Willamette River Gravel Rocks!
Size:  (not chosen)
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Gravel rocks for companies that mine or quarry it! This geocache is on the edge of a river where the gravel has built up for centuries! This rock used to be in the mountains but has washed down the Willamette River for ages!
To the west and east of this spot are two local gravel & sand companies that remove the aggregate on a daily basis! Look around in a full 360 degrees and you will note two gravel pits, gravel along the river and the gentle turn in the river. This popular boat area is often filled with people fishing, boats being loaded/unloaded, dogs splashing in the water, and geocachers! Before going to the spot, take a moment and look at the Google map option through Geocaching.com. Click on the “satellite” button and look closely at the mining operations, the sand/gravel bar, and the Willamette River!
Gravel is made up of small rocks of different sizes. It is often a collection of sand, clay, and small pieces of rock. It is a sedimentary rock and is often found in rivers, lakes, ocean beaches, and glaciers. You happen to be standing on a boat launch area of Willamette River that is know for its sand and gravel.
Gravel is collected by open-pit mining and quarrying. Both of the nearby companies use open-pit surface mining techniques.
(visit link) (picture)
What is GRAVEL & SAND?
Size Matters when speaking about rocks!
Gravel is a category of rock that has a range of sizes. To be in the gravel category, the rock pieces must be ‘loose’ and larger than 2 millimeters. Gravel is then divided into subcategories of cobble, pebbles, and granuals. Smaller than gravel is the category of sand.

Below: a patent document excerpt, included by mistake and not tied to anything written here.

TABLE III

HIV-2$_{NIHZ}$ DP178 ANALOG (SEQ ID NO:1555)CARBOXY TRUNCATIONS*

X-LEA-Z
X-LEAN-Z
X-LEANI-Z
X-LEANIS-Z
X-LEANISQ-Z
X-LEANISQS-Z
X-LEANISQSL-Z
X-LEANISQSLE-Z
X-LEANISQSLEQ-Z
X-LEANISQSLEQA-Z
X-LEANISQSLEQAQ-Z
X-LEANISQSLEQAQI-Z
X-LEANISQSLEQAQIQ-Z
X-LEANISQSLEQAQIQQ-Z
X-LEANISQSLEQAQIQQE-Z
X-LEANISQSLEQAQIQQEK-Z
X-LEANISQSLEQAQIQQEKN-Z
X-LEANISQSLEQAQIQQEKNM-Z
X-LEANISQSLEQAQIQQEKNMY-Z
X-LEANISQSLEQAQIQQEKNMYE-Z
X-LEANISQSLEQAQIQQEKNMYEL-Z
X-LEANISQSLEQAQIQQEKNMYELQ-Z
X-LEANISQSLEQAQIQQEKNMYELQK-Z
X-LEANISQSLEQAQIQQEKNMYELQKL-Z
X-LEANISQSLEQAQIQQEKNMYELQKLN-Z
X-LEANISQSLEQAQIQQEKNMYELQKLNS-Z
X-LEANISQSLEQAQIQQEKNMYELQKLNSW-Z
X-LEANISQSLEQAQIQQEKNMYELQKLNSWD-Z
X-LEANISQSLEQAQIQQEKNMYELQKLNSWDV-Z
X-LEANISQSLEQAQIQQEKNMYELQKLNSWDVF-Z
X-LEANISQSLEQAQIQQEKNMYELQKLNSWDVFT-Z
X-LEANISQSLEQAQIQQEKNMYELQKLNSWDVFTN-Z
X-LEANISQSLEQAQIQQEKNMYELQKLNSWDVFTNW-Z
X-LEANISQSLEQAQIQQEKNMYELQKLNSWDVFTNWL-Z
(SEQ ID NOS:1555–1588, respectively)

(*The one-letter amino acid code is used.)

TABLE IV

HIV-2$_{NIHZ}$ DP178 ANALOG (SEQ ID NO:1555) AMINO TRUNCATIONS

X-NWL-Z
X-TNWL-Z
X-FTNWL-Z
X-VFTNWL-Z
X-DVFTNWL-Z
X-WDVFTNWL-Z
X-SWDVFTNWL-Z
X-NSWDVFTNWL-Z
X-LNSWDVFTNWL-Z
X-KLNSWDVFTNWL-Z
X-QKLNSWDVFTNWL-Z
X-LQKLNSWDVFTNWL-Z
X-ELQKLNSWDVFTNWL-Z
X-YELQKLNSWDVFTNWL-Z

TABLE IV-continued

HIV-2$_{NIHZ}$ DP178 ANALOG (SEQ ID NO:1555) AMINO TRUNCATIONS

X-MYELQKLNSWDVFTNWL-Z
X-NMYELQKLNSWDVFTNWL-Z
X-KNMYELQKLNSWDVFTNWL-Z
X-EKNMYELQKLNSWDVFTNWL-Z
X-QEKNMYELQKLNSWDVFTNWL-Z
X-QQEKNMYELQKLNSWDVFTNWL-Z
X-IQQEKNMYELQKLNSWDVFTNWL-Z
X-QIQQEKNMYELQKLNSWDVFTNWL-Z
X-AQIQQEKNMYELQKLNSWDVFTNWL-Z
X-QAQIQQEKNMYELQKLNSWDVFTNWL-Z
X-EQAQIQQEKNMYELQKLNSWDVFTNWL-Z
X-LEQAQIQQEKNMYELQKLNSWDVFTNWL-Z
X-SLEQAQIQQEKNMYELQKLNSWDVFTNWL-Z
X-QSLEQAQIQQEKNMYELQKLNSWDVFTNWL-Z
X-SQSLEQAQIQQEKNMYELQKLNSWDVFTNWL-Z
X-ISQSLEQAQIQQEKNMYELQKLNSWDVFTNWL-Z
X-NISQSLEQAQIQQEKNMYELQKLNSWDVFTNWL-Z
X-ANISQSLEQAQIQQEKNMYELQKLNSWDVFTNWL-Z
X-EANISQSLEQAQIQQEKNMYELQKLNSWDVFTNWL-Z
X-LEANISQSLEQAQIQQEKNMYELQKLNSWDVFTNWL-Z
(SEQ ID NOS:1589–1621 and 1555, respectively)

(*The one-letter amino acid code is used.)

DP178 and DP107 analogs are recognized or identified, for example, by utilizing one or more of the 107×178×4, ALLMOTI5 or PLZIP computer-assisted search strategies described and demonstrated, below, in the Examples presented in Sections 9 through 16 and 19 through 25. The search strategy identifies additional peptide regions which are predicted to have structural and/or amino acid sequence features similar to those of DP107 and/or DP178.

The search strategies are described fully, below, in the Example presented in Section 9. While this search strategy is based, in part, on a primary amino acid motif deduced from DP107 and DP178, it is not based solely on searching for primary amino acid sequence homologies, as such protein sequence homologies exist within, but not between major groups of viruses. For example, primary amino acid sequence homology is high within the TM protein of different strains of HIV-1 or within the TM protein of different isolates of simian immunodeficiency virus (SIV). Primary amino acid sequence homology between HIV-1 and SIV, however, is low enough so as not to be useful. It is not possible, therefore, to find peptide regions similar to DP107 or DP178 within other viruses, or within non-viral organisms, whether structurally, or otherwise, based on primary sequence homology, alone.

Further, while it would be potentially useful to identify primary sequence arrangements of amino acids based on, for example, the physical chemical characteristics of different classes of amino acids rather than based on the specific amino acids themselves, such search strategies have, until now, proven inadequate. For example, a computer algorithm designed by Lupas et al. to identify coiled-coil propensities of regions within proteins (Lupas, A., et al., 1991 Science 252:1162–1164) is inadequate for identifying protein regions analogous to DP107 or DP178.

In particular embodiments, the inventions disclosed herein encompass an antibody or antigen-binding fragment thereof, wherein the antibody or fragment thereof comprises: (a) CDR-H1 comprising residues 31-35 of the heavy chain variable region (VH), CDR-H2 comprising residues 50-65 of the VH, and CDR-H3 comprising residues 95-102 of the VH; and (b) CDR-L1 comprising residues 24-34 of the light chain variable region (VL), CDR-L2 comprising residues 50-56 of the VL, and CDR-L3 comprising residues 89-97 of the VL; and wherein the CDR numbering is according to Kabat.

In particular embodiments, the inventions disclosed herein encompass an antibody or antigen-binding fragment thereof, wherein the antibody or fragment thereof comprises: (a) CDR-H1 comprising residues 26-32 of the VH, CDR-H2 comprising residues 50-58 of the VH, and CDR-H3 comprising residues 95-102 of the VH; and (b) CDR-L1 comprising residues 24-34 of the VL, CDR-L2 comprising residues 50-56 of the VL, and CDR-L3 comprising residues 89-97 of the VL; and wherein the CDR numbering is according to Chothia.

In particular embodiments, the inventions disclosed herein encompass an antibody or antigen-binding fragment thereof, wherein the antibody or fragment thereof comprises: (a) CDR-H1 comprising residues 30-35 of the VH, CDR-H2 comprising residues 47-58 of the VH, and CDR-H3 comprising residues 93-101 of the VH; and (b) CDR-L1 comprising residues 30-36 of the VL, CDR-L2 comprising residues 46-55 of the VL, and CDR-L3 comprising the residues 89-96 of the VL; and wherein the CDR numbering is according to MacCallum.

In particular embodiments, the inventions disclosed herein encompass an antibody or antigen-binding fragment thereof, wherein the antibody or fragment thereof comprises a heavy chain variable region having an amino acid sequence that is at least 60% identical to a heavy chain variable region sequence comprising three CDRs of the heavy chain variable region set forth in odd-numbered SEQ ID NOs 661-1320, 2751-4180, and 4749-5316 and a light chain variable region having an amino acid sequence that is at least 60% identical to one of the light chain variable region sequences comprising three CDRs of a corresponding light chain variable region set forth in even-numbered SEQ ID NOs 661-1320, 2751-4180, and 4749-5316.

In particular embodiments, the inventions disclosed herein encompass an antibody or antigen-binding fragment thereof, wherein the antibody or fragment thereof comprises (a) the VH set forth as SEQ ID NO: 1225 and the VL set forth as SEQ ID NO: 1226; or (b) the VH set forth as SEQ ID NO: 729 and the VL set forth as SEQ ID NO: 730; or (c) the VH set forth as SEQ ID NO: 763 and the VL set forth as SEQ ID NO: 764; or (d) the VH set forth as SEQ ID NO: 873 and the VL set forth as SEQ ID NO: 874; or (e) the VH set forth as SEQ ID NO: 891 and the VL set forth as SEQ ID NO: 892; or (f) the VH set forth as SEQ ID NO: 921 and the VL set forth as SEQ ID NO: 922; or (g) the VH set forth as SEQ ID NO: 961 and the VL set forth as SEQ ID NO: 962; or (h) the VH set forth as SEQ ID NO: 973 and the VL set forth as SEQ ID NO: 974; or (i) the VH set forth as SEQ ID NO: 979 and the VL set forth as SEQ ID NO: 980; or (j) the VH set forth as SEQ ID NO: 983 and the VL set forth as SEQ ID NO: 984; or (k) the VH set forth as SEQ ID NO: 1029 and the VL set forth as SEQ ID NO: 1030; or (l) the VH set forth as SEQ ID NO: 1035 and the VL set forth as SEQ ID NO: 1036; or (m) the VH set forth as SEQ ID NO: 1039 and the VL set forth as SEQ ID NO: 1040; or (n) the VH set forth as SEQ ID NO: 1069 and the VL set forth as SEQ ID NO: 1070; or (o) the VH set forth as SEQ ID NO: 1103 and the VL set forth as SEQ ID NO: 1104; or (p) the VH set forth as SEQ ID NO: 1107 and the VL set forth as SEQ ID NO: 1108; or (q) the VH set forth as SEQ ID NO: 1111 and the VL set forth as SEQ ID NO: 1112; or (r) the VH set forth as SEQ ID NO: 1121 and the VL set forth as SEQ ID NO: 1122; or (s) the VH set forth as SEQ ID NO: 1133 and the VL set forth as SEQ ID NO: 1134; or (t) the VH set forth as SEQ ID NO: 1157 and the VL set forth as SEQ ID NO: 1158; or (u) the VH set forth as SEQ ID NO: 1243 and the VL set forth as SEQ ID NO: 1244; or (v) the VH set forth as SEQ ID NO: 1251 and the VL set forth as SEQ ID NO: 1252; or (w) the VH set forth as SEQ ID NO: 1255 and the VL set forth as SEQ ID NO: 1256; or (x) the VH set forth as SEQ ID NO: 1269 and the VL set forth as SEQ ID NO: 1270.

Cobble: Geologically speaking, cobble is the largest size of the ‘gravel’ measures. Cobble ranges from 63 millimeters to 256 millimeters (a range of 2.5 inches to 10 inches!). The smaller size is that of a golf ball and the larger the size of volleyball! Cobbles are larger than pebbles but smaller than boulders.
Pebbles, on the other hand, are between 4-63 millimeters in size.
Granules: Granules are the smaller than pebbles but larger than sand. Granules are between 2-4 millimeters!
Even smaller is sand, which is greater than 0.062 millimeters to 2 millimeters in size. Sand particles are larger than silt particles but smaller than pebbles.
To learn more about the many levels of sand and muds, check out this page: (visit link)
In the PAST:
In the late 1800’s local gravel companies, such as Eugene Sand & Gravel just across the Willamette River from where you are standing, extracted grave (aggregates) from the river channel. When the river flooded, or ran high, it brought more gravel and rock material to the river channel, thus given the locals more to remove and sell.
Many of Eugene’s concrete streets were paved with the sand and gravel from the local companies. Thousands of local residents and businesses use gravel and drive the need to mine/quarry.
YOUR TASK IN ORDER TO LOG THE CACHE
1) Find a sample of cobble, pebble and some sand and examine them closely. OPTIONAL: You have an option to take a photo and sharing it on the Geocaching site. As of 2011, photographs are no longer allowed to be a required part of an Earthcache. .
2) Look at the river height and estimate the distance between the first bridge support beam that (look for the one that is IN THE RIVER) of the bridge and the beach. The higher the river, the greater the distance will be.
3) Think of at least one way that you use gravel near your dwelling. Describe the use!
Sources of information:
Lbh pna ragre gur nern sebz rvgure fvqr bs gur oevqtr.